NDSU Crop and Pest Report

Plant Science


ISSUE 11   July 15, 2004

FLOODING AND CROP GROWTH

Recent heavy rains in some production areas have caused some concerns. Prolonged soil saturation affects crop growth and yield. In early growth stages, corn or soybeans can survive for only two to four days under water in anaerobic conditions. Most dry bean classes or types are extremely sensitive to flooding. One or two days can completely destroy plants. Corn is also somewhat sensitive to flooding in the early vegetative stages (especially prior to the fifth or sixth leaf stage). It appears that soybeans are more tolerant to flooding that either corn or dry beans. Moderate water movement can reduce flood damage by allowing some oxygen to get to the plants, keeping them respiring and alive. Drainage within one to two days increases the chance of survival.

The injury extent to seedlings is determined by the plant stage of development at ponding, duration of flooding and the air/soil temperatures as well as if axillary buds are present on damaged plants. If temperatures are warm during flooding (greater than 77 F), plants may not survive 24 hours. Cool temperatures and cloudy conditions may prolong survival. However, wet weather favors disease development. Seed treatments are effective, but limited in protection. Seedling development slowed or delayed two to three weeks allow soil-borne pathogens a greater opportunity to cause damage. Seed rots, seedling blight, corn smut and crazy top affect corn plant development later even though ponding occurred earlier. Delayed soybean growth allows diseases such as Fusarium root rot, Phytophthora rot and Pythium rot to establish and weaken or destroy seedlings. Carefully assess damage before tearing up or abandoning an existing stand.

Rotted seed or damped-off seedlings will reveal probable crop losses. On surviving stands, remember that favorable weather for plants after ponding is important. Cultivation, once soils are dry enough, will open and aerate surface soil and promote root growth. Be careful working the soil. Working wet soil causes compaction that varies crop growth. One must be patient in waiting for the soils to dry.

An additional nitrogen application in corn may be necessary in fields that show signs of yellowing or uneven growth. A late test for nitrate when corn plants are still six to twelve inches tall can determine if more nitrogen is needed.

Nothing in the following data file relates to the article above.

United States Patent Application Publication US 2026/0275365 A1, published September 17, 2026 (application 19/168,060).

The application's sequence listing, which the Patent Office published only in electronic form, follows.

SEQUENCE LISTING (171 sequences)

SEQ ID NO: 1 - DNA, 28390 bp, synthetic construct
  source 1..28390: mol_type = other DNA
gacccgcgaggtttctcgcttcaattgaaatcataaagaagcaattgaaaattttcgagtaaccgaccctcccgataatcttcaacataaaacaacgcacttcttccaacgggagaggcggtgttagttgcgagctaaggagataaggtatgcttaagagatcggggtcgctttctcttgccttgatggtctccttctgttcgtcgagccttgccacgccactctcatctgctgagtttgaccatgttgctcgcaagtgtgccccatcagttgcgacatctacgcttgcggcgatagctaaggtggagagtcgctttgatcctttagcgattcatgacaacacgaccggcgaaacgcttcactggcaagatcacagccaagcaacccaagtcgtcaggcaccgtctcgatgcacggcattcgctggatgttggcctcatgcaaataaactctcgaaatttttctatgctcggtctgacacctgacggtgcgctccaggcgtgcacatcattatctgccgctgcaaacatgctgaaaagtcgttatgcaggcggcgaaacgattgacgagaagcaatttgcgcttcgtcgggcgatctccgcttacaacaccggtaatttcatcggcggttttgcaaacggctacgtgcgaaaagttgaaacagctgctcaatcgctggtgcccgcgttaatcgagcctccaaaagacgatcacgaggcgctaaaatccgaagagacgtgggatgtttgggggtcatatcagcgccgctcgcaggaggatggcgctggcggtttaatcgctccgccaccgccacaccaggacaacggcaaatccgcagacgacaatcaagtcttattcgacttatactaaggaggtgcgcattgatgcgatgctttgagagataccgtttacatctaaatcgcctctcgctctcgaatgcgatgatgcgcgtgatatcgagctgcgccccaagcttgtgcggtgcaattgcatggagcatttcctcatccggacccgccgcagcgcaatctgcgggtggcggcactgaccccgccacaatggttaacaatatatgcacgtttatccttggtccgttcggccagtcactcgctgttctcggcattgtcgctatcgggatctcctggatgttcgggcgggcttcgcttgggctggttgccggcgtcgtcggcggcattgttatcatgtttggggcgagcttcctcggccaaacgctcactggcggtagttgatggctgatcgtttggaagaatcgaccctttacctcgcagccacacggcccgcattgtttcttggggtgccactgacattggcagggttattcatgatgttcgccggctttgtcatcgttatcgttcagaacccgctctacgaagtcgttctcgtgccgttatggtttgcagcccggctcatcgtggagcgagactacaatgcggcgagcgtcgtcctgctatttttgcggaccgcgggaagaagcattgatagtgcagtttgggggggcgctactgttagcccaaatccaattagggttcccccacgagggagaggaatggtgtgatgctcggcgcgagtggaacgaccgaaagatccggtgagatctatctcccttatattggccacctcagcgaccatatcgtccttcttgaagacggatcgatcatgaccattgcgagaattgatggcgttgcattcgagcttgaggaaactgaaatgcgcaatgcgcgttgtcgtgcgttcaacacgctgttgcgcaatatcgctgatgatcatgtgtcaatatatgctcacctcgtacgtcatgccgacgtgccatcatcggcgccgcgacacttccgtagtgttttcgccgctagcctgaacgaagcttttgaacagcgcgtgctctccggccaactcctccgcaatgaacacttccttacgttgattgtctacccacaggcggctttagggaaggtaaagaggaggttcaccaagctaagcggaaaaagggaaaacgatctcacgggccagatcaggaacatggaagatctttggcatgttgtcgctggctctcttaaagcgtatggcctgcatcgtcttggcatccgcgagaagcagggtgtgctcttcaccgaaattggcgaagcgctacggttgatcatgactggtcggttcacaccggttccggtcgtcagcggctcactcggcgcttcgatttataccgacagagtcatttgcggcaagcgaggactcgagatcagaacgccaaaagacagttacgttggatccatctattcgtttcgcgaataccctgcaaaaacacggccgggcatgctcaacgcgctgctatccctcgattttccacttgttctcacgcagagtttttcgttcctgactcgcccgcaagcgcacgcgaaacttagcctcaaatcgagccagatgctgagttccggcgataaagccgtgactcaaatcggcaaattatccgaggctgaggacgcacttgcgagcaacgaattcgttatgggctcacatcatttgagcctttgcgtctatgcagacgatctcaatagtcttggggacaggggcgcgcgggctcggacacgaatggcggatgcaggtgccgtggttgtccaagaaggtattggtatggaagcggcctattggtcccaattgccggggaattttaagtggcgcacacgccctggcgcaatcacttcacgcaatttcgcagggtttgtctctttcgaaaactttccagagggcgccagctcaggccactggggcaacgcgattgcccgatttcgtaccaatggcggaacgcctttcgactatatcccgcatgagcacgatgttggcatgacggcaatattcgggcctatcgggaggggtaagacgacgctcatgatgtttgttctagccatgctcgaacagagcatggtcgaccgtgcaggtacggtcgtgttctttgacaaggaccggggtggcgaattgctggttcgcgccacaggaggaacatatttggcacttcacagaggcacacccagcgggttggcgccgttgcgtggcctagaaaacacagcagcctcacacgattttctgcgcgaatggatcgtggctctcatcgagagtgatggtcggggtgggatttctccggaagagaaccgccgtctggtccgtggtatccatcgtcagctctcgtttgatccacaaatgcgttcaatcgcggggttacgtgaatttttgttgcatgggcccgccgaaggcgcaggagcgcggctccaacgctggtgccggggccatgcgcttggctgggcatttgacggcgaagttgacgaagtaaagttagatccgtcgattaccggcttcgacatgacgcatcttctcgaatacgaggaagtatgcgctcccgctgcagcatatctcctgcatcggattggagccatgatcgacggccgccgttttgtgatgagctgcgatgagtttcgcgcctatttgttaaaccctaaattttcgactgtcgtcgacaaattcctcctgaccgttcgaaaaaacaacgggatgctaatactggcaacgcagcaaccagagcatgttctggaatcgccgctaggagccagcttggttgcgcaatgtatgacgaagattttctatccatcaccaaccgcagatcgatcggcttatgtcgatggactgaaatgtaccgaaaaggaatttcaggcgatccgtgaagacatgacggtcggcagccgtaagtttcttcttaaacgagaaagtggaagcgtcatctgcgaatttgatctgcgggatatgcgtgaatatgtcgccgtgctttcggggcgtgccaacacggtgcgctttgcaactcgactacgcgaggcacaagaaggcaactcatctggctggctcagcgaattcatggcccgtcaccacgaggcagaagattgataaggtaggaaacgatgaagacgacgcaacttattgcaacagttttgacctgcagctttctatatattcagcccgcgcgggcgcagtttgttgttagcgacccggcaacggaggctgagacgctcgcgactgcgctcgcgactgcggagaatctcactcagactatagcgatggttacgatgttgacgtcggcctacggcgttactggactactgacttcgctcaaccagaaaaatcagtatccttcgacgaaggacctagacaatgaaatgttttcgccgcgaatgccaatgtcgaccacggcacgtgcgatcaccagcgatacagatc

Maintain a good weed control program so that crop plants are not robbed of nutrients and moisture later in the season.

 

SOYBEANS IN BLOOM

Many soybean fields are starting or are near early bloom in eastern North Dakota and in NW Minnesota. The beginning bloom stage or R1 stage in soybeans is marked by the plants having at least one flower on any node of the main stem. Soybeans are at 50% bloom when an open flower can be found on every other plant in a row. Flowering, unlike maturity on soybeans, begins toward the bottom of the plant (at the third to sixth node) and then progresses upward and back downward. Branches off of the main stem will flower a few days later than the main stem. While flowering begins at the base of the plant and proceeds to the top of the plant, physiological maturity of the beans will progress anywhere on the plant stem. Normally, soybean pods will be mature in the middle or top of the plant and down, thus remember to check pods toward the bottom of the plant when determining if harvest time has come. Flowering of soybeans is an important time in bean growth and development. At stage R2, full bloom, each plant has accumulated about 25% of its total dry weight and nutrients; it has attained about 50% of its mature height; and, it has produced 50% of its total mature node number. This later flowering stage begins the period of very rapid N-P-K and dry matter accumulation that will continue through R6. Also, during flowering the soybean plant gears up on its nitrogen fixation in order to provide for the demands of the plant. Scout for disease and insect problems (aphids) during this critical time period of flowering.

Duane R. Berglund
NDSU Extension Agronomist
duane.berglund@ndsu.nodak.edu


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